Packing off your children to university may mean that you can enjoy a bit more peace and quiet at home, but it doesn't necessarily mean that the Bank of Mum and Dad can wind-down its services. In fact, research has actually found that parents may need to provide much more financial support than anticipated.
Research carried out by Experian, a global information services company, found that 79% of British parents give their children some financial support during their university education. The biggest contributions were made towards accommodation costs (57%), while travel expenses (32%), utilities (17%) and study-related costs (34%) also featured high on the list.
However, the research also found that many parents are seriously underestimating the costs of supporting their child during their time at university: parents of new-starters estimate that they will contribute around £3,700 over the three years of a university course. But parents of children who graduated in the last five years found that this figure was actually closer to £5,160 – a difference of £1,460, which is almost 40% higher than the amount estimated by parents of new students.
These costs are increased further by emergency funds. In the survey, 68% of parents reported that they had needed to give their child emergency money – an unexpected and unwelcome drain on their resources. Even parents who initially thought that they would not be providing any support at all (15% of this figure) found that they had to dip into their bank accounts to help a cash-strapped child.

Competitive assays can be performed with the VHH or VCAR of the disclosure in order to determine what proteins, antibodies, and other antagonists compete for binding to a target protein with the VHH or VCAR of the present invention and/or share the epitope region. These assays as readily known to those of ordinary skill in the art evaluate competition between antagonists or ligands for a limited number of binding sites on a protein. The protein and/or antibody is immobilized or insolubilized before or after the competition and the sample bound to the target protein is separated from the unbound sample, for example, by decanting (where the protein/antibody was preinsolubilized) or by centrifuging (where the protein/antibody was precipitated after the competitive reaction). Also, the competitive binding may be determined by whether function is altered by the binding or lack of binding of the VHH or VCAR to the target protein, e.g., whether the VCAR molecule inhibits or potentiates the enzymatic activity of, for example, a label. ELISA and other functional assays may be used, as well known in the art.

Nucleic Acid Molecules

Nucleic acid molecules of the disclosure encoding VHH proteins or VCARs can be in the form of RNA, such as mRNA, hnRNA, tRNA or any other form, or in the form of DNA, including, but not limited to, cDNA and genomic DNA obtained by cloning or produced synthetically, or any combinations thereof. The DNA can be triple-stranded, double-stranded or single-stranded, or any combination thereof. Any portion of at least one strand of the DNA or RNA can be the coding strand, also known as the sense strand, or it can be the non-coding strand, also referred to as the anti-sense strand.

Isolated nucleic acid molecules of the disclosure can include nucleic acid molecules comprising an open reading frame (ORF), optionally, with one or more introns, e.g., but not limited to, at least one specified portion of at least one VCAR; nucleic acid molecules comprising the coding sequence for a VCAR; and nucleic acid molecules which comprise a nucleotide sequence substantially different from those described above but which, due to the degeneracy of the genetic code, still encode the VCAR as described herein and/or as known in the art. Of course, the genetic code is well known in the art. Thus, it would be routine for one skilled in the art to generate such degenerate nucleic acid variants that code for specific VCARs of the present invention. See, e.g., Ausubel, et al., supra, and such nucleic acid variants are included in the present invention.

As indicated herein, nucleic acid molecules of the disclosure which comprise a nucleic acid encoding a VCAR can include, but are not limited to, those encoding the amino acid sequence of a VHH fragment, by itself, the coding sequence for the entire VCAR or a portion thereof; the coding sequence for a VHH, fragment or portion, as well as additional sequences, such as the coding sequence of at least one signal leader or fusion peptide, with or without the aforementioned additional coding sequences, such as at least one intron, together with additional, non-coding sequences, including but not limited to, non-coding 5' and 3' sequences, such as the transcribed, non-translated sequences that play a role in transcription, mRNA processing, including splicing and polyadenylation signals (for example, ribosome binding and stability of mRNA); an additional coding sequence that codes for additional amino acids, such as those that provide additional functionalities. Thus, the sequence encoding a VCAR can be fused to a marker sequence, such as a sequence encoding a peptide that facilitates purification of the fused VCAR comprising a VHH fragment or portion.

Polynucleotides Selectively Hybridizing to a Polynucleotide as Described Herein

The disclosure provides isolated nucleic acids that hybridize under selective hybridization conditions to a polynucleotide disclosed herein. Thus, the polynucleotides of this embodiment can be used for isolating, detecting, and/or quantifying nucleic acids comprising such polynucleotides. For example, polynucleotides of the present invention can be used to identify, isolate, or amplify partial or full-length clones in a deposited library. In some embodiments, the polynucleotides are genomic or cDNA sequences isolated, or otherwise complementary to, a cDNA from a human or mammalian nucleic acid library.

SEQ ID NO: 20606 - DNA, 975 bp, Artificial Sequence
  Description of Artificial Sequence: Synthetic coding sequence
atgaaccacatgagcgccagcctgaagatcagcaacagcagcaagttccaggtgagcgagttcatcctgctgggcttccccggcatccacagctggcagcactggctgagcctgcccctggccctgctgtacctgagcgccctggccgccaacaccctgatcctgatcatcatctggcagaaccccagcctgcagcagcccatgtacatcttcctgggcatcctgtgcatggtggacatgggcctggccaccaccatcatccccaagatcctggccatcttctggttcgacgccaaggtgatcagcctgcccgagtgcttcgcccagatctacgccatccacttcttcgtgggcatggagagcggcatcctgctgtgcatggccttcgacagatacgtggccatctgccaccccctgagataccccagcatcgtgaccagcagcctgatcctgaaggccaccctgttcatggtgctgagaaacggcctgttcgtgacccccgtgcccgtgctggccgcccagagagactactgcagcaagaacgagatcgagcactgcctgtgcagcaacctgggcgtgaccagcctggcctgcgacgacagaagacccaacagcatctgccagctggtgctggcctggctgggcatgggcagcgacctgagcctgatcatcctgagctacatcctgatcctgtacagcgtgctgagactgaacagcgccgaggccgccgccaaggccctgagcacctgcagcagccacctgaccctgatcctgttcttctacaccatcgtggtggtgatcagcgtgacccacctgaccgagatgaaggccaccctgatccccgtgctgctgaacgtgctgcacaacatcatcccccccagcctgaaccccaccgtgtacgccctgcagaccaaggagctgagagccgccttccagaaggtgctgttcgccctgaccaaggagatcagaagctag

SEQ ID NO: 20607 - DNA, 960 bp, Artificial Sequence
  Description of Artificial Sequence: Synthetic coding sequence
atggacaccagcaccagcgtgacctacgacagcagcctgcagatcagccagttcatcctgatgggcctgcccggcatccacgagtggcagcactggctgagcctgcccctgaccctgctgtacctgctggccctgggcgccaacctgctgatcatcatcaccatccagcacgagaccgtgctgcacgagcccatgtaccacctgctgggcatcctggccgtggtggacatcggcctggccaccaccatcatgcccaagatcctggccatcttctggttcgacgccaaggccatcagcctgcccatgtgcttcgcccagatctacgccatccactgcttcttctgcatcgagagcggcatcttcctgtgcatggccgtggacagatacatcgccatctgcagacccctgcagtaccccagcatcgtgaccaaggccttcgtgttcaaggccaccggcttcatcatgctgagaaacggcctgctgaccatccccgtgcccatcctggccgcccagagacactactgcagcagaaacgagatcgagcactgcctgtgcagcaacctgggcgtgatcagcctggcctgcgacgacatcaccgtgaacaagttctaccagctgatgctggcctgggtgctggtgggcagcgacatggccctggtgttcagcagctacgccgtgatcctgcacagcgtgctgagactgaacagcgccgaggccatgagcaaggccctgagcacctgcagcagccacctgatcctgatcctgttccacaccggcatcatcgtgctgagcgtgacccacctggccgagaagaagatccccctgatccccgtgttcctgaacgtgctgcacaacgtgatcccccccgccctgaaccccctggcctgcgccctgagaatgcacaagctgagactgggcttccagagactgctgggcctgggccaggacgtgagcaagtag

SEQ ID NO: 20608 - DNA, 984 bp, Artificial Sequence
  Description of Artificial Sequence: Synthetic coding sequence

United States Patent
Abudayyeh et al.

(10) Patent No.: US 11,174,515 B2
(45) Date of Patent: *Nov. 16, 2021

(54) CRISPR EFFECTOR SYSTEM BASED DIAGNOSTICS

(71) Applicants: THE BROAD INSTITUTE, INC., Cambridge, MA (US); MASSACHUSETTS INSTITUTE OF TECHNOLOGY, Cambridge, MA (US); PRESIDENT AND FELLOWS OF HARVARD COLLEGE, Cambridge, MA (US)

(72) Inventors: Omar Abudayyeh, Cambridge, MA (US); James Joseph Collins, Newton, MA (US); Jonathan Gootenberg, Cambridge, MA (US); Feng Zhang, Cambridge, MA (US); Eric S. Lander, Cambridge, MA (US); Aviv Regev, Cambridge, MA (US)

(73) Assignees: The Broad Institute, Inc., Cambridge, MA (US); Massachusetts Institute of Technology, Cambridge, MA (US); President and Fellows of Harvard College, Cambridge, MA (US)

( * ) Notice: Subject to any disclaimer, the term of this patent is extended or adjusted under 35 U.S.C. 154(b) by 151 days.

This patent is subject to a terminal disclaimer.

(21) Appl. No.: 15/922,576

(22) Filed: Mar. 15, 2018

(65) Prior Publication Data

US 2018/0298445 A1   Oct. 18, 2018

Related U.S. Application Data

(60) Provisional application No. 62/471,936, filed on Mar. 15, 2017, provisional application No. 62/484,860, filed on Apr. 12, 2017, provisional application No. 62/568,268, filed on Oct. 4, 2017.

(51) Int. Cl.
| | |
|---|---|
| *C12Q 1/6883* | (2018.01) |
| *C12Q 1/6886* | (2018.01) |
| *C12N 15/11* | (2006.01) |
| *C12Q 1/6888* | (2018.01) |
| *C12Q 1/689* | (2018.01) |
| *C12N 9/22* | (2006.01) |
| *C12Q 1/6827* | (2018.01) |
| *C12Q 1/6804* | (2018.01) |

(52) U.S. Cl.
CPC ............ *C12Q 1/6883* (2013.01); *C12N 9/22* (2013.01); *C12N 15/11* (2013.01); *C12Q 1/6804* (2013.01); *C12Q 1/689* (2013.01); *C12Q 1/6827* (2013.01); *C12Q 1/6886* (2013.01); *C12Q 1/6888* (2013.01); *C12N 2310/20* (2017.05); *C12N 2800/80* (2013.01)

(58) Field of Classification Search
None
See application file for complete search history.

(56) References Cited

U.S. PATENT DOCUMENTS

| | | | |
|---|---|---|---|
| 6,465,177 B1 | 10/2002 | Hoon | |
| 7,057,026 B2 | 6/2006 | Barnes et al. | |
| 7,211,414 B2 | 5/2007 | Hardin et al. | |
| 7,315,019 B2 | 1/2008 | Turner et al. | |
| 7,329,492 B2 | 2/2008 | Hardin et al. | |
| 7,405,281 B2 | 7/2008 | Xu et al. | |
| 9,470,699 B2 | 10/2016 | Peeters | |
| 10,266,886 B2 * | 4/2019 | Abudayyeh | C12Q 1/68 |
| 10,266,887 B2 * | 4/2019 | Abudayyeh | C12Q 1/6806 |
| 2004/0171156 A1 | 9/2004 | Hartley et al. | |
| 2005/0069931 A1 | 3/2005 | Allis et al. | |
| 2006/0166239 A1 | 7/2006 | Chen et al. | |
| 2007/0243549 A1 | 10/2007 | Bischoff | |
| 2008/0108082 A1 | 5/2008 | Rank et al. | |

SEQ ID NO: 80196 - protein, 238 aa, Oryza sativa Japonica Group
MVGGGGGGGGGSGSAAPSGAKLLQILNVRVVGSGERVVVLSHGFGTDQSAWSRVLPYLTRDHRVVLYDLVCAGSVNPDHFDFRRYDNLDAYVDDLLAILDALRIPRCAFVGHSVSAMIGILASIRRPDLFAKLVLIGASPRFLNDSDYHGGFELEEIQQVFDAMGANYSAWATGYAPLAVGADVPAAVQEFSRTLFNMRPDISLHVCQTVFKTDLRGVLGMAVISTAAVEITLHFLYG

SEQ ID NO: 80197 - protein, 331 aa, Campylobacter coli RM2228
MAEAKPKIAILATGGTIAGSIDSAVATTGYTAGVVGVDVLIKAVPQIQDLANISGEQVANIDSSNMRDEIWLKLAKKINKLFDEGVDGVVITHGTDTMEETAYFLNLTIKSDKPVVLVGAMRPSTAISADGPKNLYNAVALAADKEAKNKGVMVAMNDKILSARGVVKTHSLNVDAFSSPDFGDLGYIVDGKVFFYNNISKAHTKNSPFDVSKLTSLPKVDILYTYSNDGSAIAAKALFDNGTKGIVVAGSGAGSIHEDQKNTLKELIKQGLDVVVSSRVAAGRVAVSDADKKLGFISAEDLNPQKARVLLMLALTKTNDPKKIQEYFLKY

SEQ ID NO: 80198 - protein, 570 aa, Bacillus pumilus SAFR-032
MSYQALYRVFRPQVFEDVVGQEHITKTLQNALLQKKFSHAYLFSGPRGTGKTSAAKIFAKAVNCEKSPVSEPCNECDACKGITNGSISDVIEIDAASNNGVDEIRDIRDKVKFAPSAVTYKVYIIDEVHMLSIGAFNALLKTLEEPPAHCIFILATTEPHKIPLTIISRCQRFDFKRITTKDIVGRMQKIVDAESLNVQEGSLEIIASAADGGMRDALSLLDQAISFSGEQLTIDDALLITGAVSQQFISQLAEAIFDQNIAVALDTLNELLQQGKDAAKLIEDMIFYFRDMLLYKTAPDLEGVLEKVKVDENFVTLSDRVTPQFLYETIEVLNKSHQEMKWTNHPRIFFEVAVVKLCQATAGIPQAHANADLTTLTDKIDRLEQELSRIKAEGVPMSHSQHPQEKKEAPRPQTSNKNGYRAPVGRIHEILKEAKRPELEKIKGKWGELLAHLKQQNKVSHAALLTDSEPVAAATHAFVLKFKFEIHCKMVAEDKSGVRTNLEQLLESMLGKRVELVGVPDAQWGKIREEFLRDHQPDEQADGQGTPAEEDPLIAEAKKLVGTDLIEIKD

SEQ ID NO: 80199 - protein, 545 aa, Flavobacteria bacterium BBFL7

Clearly, the amount of financial support a student needs is much more than many parents are budgeting for, which could put a strain on their own finances. One in two parents of former students said that they'd found their child's university education much more expensive than expected, and for some parents (29%) the costs were so high that they admitted they had endured hardships in order to provide money for their offspring.
Having a university student in the family can be a very expensive time for both students and parents. As a result, parents of new students need to prepare for unexpected costs in order to cope financially over the course of a student's university career.
Julie Doleman, managing director of Experian Consumer Services, advises: "As well as properly planning your financial contribution [and] allowing for hidden costs you may not have considered, it's wise to have a frank conversation with your child to determine what they're spending and what you can realistically help with."
Planning is clearly key. So, if your child has just started university, or they are beginning a course next year, here are some tips to help keep the Bank of Mum and Dad solvent and ready to provide the necessary loans.
Get home insurance quotes to protect your child's belongings
Find an easy access savings account
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